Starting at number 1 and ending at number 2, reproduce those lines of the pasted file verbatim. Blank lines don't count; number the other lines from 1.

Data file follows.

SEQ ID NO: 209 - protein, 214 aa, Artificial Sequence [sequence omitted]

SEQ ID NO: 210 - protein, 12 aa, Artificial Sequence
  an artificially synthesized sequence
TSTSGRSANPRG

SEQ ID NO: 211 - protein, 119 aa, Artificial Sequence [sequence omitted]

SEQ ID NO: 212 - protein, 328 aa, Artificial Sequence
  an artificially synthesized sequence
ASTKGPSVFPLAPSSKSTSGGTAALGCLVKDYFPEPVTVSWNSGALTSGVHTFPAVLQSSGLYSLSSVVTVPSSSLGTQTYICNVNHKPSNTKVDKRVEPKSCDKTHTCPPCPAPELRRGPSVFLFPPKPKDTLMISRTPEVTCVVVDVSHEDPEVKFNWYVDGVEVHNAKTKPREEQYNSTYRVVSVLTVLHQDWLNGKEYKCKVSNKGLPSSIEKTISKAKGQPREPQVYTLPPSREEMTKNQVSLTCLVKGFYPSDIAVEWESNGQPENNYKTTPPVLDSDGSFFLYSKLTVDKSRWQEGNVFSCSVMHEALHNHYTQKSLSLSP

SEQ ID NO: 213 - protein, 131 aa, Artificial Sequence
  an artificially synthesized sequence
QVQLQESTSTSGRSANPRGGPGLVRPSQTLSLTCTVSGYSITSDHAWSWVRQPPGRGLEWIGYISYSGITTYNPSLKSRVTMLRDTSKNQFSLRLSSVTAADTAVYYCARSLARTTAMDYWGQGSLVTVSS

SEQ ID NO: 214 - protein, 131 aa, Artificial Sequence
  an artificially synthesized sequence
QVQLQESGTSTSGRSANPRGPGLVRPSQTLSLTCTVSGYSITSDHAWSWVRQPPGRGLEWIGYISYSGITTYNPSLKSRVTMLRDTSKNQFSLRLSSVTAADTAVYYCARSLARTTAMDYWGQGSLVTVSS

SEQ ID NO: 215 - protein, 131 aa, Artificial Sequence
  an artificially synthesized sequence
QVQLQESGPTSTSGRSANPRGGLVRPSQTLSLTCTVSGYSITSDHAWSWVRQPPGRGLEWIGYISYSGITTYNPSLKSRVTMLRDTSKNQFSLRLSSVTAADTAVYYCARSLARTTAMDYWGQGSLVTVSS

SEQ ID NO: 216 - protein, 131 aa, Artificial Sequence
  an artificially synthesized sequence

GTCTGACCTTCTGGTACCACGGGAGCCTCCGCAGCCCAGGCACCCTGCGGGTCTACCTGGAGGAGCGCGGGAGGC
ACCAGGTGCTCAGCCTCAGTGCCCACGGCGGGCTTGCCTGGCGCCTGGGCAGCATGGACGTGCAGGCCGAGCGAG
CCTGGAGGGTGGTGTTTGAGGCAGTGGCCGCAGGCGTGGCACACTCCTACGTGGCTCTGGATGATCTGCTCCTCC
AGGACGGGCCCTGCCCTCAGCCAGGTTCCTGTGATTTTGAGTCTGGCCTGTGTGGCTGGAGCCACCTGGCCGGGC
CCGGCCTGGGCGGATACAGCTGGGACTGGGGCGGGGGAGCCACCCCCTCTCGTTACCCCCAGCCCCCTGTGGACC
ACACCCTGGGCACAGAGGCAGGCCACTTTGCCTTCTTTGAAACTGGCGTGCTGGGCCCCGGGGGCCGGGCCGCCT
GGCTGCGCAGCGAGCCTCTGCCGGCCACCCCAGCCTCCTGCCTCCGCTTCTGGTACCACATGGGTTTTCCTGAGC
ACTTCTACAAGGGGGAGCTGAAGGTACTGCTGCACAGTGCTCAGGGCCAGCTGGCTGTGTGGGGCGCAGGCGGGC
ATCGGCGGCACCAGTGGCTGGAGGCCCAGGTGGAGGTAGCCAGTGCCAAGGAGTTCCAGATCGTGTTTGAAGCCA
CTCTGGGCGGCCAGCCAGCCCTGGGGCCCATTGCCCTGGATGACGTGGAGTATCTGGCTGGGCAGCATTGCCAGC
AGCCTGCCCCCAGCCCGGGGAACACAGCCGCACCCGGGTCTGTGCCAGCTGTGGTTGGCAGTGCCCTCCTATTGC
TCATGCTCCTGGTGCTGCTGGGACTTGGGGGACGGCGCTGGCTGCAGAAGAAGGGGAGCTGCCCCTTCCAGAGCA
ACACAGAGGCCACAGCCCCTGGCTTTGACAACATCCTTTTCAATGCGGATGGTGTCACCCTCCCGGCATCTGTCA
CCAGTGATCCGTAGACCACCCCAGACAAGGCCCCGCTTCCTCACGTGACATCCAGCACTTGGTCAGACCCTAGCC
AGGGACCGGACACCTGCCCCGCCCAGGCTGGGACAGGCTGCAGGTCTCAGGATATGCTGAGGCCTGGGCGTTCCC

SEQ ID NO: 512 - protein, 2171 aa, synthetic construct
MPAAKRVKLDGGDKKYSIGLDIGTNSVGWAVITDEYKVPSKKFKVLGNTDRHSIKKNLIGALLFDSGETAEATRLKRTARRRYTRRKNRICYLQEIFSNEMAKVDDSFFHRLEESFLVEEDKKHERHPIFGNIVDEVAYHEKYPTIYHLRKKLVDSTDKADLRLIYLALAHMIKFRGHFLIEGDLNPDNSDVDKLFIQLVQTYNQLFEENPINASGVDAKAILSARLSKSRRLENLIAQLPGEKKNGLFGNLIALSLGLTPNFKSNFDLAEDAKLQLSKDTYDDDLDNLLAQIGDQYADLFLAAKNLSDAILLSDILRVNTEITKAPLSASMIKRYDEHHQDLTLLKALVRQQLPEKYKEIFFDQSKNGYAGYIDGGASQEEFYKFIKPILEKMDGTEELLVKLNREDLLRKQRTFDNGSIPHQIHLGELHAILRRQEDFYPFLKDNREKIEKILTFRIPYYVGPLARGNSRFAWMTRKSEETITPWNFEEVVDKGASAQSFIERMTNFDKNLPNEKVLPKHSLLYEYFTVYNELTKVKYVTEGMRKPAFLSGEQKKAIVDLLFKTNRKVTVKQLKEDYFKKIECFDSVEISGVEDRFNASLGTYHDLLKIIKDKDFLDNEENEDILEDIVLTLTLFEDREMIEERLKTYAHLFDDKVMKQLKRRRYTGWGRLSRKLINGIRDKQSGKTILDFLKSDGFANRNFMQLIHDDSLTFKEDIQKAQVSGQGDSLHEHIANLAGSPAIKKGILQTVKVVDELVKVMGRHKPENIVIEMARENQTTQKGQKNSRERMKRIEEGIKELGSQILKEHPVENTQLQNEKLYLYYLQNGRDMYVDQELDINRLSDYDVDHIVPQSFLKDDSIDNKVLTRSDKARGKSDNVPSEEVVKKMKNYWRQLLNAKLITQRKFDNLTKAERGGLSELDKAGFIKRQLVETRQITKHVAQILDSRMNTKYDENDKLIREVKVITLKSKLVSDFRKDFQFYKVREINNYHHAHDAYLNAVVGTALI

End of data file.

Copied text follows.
SEQ ID NO: 209 - protein, 214 aa, Artificial Sequence [sequence omitted]

SEQ ID NO: 210 - protein, 12 aa, Artificial Sequence